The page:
Rocky Mountain Farmers Union v. Goldstene: Brief of Amici Curiae Professors of Environmental Law in Support of Appellants

In June 2012 a group of environmental law professors, including Professor Rick Frank, submitted a brief in support of the California Air Resources Board's low carbon fuel standard. View the report here.

Defining Good Infill


Defining Good Infill
This report, A Convening Report on SB 226 and the California Environmental Quality Act, provides a brief overview of SB 266 and its implementation and a summary from a convening at UC Berkeley on March 9, 2012. Authors Ethan N. Elkind, Rick Frank, and Sean Hecht published this report following the meeting to provide guidance for the development of regulations by the Governor's Office of Planning and Research and to inform the public on the bill. The report may be accessed here.

Opinion Editorials regarding Proposition 26

In November 2010, California voters enacted Proposition 26, an initiative measure that was largely overshadowed by other, more heavily-publicized measures on last fall's general election ballot. But Proposition 26, which mandates that most future state and local fee systems can only be enacted by a two thirds vote of the California Legislature or local voters, will have a profound effect on a variety of public health, safety and environmental protection measures. Proposition 26 is likely to have an especially pronounced effect on California environmental programs, which in recent years have relied heavily on "polluter pays"-based fee systems to fund them.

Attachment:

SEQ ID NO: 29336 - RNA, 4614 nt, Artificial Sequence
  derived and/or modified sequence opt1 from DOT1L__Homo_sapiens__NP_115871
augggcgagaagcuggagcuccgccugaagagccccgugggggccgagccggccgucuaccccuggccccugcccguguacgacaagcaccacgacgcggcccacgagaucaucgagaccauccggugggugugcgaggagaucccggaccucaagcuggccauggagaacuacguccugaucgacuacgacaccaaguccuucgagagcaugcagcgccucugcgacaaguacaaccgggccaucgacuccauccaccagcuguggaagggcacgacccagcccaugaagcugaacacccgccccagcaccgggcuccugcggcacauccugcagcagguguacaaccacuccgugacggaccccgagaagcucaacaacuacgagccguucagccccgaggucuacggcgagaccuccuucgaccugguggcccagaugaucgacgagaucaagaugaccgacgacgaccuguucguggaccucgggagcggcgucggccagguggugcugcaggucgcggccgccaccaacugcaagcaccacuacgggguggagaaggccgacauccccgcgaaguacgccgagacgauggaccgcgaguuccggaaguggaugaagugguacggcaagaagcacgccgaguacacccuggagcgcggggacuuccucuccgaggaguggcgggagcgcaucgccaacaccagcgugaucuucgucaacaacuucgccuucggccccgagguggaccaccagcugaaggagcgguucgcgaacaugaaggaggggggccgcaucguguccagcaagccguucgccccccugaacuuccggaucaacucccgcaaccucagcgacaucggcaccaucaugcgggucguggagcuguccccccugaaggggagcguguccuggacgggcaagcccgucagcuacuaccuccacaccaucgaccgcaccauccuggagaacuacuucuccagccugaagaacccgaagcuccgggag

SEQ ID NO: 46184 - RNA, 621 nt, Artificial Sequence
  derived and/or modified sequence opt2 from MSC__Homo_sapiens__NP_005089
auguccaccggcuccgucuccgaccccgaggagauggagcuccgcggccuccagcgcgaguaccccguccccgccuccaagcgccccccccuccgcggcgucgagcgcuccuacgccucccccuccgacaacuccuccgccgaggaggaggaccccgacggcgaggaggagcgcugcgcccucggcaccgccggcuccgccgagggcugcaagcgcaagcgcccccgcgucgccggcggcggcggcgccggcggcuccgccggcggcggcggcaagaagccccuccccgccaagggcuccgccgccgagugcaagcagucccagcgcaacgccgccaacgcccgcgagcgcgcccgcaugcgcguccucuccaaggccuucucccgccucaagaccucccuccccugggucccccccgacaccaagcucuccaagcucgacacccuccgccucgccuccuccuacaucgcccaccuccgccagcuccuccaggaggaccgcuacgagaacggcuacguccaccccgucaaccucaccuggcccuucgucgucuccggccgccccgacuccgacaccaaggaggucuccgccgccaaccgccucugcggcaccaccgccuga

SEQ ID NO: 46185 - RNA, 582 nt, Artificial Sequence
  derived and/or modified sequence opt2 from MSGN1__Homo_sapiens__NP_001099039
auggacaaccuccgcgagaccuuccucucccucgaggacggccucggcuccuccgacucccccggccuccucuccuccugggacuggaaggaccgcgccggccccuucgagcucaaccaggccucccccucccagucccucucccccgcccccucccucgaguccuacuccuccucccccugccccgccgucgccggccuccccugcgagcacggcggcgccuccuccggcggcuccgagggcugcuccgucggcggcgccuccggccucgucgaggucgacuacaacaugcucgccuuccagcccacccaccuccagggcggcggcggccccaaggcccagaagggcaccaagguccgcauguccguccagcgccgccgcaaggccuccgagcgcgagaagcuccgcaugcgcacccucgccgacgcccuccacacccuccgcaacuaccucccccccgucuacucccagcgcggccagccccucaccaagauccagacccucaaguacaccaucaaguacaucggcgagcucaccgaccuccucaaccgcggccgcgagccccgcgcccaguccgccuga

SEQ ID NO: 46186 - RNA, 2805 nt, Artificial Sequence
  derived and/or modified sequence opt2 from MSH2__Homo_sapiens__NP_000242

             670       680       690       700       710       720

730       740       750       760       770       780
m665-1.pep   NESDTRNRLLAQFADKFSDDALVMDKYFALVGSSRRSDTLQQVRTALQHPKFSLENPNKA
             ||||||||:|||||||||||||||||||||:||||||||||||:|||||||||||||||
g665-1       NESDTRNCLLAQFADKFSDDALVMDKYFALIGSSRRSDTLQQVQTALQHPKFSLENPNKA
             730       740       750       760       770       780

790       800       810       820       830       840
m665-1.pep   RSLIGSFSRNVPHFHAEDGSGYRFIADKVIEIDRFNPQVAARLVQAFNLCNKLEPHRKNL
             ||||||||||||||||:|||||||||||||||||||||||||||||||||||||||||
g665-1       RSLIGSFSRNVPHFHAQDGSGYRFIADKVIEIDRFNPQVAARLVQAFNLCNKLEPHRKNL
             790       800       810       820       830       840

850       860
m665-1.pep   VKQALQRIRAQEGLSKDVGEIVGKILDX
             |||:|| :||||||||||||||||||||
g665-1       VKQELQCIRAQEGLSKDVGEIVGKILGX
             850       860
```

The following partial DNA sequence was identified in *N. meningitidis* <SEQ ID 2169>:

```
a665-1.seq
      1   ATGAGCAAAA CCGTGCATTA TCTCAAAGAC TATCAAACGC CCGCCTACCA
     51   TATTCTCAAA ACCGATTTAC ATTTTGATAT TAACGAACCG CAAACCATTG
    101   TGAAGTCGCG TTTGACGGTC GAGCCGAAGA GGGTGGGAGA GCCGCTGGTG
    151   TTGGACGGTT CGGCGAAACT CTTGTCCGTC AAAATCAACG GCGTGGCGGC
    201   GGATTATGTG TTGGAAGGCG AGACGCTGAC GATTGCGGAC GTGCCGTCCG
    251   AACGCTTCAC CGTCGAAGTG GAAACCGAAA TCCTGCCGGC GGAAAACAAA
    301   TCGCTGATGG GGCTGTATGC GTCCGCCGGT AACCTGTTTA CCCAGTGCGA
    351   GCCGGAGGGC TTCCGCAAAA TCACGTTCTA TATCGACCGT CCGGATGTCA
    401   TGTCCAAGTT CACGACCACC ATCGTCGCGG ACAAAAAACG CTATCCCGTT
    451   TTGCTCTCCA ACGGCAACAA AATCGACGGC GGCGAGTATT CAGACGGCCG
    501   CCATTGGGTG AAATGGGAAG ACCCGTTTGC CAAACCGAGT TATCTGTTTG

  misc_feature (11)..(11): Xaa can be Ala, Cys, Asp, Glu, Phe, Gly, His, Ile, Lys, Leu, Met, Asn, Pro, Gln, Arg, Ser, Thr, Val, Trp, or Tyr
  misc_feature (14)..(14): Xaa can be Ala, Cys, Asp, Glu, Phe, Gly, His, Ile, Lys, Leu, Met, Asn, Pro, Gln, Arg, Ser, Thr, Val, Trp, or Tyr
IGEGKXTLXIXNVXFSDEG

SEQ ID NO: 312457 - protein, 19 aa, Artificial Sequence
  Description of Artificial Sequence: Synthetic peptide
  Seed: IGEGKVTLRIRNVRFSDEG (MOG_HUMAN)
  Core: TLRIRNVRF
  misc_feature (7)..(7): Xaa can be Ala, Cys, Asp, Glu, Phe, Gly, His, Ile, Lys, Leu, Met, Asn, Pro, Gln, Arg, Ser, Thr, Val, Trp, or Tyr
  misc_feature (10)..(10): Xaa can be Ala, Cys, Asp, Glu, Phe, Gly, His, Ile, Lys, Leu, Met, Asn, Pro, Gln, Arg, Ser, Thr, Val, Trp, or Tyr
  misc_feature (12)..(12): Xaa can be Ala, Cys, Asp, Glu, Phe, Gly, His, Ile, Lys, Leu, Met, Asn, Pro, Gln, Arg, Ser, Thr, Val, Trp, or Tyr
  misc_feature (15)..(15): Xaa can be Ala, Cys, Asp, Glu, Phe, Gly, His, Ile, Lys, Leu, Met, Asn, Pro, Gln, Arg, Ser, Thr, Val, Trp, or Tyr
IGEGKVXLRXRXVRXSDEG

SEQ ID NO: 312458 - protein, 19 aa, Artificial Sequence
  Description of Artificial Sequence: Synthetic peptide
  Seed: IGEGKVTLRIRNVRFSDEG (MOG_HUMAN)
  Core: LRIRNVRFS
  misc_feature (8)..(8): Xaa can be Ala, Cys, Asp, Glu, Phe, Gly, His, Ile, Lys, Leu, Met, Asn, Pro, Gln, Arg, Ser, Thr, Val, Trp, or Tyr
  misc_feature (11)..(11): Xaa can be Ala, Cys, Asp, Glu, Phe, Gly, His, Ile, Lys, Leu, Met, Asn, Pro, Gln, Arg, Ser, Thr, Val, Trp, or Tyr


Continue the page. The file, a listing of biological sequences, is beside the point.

Two opinion columns relating to Proposition 26 were published in conjunction with the CELPC. In “Voter Confusion and the Single-Subject Rule: Proposition 26 as a Test Case” (December 2010), King Hall Law Professor Christopher Elmendorf suggests that the initiative measure may be unconstitutional under California's "single subject rule." In “Proposition 26: California’s Stealth Initiative” (October 29, 2010) CELPC Director Richard Frank, discusses the background of Proposition 26, as well as its particular, anticipated effects on a variety of state and local environmental programs . .